Riding home on 43rd Ave last night, I thought about how much calmer and more confident I feel thanks to the new #protectedbikelanes. I guess haven’t tweeted much about my experiences on #SaferSkillman lately because I haven’t had anything to complain about! pic.twitter.com/KkyAIHaB4l
— Laura Shepard (@LAShepard221) October 5, 2018
Look at the photo above from this tweet I just saw. I know it’s dark, but take a good look. Don’t you think some similar passenger-side vehicle-protected bike lanes (with door zone buffers!) would make an excellent holiday gift?
The location above is 43rd and Skillman in Queens, NYC. As recapped by Streetsblog NYC’s Laura Shepard back in June, making 43rd Avenue safer for cyclists only happened after extensive debate, death and injuries to many attempting to cycle these streets, and a protest via human chain-protection:
Tonight, at 6:45, while activists created the first human-protected bike lane in Queens, the six blocks of 43rd Ave were empty of moving cars – but there were lots of bikes! @TransAlt @macartney @StreetsblogNYC pic.twitter.com/vSTxJM97cf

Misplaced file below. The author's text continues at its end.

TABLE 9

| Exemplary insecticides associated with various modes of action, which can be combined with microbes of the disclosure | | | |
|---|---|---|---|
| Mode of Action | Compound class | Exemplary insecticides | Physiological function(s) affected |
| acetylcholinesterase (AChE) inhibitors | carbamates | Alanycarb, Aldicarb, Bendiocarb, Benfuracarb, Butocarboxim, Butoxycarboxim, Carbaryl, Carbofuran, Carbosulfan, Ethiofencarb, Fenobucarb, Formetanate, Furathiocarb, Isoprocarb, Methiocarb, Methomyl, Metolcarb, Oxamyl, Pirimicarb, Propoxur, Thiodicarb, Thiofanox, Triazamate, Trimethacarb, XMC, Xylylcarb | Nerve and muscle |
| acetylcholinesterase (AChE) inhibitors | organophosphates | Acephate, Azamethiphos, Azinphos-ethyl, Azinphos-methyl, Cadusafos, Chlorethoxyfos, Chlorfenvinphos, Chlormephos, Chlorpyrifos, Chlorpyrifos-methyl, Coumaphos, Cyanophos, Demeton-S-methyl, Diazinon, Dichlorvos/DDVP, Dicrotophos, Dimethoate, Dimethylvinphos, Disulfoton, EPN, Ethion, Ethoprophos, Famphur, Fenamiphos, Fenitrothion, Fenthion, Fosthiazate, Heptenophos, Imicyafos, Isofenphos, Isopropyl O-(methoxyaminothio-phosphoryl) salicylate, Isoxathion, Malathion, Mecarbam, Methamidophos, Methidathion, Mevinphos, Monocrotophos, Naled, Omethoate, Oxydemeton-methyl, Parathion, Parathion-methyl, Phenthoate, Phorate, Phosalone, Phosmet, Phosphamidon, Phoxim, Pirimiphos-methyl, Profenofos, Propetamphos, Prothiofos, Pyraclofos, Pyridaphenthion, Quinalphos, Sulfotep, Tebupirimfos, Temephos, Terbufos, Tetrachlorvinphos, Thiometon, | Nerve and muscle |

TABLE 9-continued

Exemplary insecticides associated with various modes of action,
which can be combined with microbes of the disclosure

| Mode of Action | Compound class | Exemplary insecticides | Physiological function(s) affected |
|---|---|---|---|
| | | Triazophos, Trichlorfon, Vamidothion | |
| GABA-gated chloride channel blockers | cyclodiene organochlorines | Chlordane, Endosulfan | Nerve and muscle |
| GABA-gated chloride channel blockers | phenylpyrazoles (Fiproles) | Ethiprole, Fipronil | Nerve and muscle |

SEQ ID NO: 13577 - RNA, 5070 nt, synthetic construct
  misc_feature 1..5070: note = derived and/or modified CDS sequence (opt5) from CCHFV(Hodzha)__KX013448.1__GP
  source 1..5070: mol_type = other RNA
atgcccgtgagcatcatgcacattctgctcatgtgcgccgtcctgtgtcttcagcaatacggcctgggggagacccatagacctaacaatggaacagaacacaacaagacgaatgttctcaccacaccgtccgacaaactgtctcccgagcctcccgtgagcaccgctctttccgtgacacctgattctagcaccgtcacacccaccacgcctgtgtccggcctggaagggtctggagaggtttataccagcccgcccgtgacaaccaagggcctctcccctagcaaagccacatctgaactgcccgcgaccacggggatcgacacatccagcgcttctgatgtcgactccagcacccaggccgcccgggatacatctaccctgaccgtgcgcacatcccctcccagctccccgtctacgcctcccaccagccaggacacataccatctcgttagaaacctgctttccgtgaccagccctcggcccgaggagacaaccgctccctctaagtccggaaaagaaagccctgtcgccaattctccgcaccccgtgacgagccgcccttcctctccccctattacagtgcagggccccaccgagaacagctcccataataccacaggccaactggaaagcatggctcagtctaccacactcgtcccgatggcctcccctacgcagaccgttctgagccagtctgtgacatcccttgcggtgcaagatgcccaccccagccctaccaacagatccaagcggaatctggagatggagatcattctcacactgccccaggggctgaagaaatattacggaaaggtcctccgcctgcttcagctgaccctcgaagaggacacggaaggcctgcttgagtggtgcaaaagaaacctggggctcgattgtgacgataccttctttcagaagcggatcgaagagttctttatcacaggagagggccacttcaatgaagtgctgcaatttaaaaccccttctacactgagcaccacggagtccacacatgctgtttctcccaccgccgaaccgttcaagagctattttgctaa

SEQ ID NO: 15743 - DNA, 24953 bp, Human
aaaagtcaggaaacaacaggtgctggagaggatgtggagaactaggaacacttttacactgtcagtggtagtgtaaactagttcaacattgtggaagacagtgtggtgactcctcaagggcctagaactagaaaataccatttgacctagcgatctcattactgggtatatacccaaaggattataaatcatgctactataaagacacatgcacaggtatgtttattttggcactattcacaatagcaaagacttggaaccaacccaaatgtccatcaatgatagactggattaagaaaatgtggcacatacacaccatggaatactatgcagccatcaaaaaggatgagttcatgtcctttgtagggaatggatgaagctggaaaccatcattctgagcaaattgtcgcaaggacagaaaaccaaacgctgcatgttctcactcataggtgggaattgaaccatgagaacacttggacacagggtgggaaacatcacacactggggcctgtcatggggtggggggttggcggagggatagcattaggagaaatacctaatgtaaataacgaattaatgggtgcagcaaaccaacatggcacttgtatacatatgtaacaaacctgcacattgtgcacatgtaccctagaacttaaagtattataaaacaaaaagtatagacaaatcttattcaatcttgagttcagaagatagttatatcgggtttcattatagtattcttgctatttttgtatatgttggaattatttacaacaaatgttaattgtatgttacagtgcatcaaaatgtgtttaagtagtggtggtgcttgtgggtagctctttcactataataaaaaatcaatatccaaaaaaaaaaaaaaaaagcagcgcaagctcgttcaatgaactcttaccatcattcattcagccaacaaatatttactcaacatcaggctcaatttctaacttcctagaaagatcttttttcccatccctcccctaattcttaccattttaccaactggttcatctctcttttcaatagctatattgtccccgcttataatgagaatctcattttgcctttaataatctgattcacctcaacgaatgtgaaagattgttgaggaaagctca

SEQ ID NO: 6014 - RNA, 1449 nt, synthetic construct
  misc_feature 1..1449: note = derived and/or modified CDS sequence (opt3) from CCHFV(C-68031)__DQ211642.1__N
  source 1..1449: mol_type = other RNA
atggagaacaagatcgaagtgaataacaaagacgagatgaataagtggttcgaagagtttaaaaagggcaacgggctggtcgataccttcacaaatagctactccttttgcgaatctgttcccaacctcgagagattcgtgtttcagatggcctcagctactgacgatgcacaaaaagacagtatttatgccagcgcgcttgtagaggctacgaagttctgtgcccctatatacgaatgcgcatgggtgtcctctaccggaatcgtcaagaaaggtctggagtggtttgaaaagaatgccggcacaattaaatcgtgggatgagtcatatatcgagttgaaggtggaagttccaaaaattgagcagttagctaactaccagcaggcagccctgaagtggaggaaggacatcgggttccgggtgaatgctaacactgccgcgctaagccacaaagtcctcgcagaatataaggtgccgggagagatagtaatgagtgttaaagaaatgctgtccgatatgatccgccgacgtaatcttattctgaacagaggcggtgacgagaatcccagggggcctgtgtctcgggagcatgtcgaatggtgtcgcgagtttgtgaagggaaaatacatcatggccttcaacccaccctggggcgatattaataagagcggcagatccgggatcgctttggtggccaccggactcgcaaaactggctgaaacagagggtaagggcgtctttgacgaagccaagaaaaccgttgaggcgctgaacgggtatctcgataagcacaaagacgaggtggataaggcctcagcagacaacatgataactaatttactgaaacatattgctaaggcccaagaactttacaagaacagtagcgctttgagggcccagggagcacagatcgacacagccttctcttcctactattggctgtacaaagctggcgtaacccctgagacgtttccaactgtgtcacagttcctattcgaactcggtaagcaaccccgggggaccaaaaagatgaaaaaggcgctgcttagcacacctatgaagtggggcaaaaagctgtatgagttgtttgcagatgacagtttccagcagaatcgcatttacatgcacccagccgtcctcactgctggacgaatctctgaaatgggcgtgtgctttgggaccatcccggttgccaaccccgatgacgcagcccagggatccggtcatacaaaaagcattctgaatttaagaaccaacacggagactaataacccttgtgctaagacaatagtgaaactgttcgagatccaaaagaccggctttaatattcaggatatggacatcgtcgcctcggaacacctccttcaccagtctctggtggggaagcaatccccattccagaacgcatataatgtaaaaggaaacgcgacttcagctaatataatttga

— Craver (@jackcraver360) June 7, 2018
Acknowledging that gifts aren’t often free when it comes to infrastructure improvements for those cycling and walking our roadways, perhaps we in Albuquerque can give ourselves a present, eventually and after a long-fight, by learning from the protests in Queens.
As an example, Better Burque noted way back in November 2016 that the City was then proposing Lead and Coal Avenues have “wall of steel” protected bike lanes from 2nd to 8th Avenue downtown.
So far, nothing. And that nothing includes a reportedly failed “test” of lane reduction on Lead.
Maybe the gift of Lead/Coal getting this treatment hasn’t happened yet because of a lack of cyclists clamoring/demanding/human-chaining for it. Think of other places around town that could hugely benefit from such infrastructure, whether vehicle or other meaningful protection.
To horribly malaprop what I always heard growing up: The good Santa Claus helps those who help themselves.
Anybody up for a chain?
P.S.: To get a better idea of what it’s like to experience parking-protected cycling, take a trip with this new one in Alexander County, Virginia: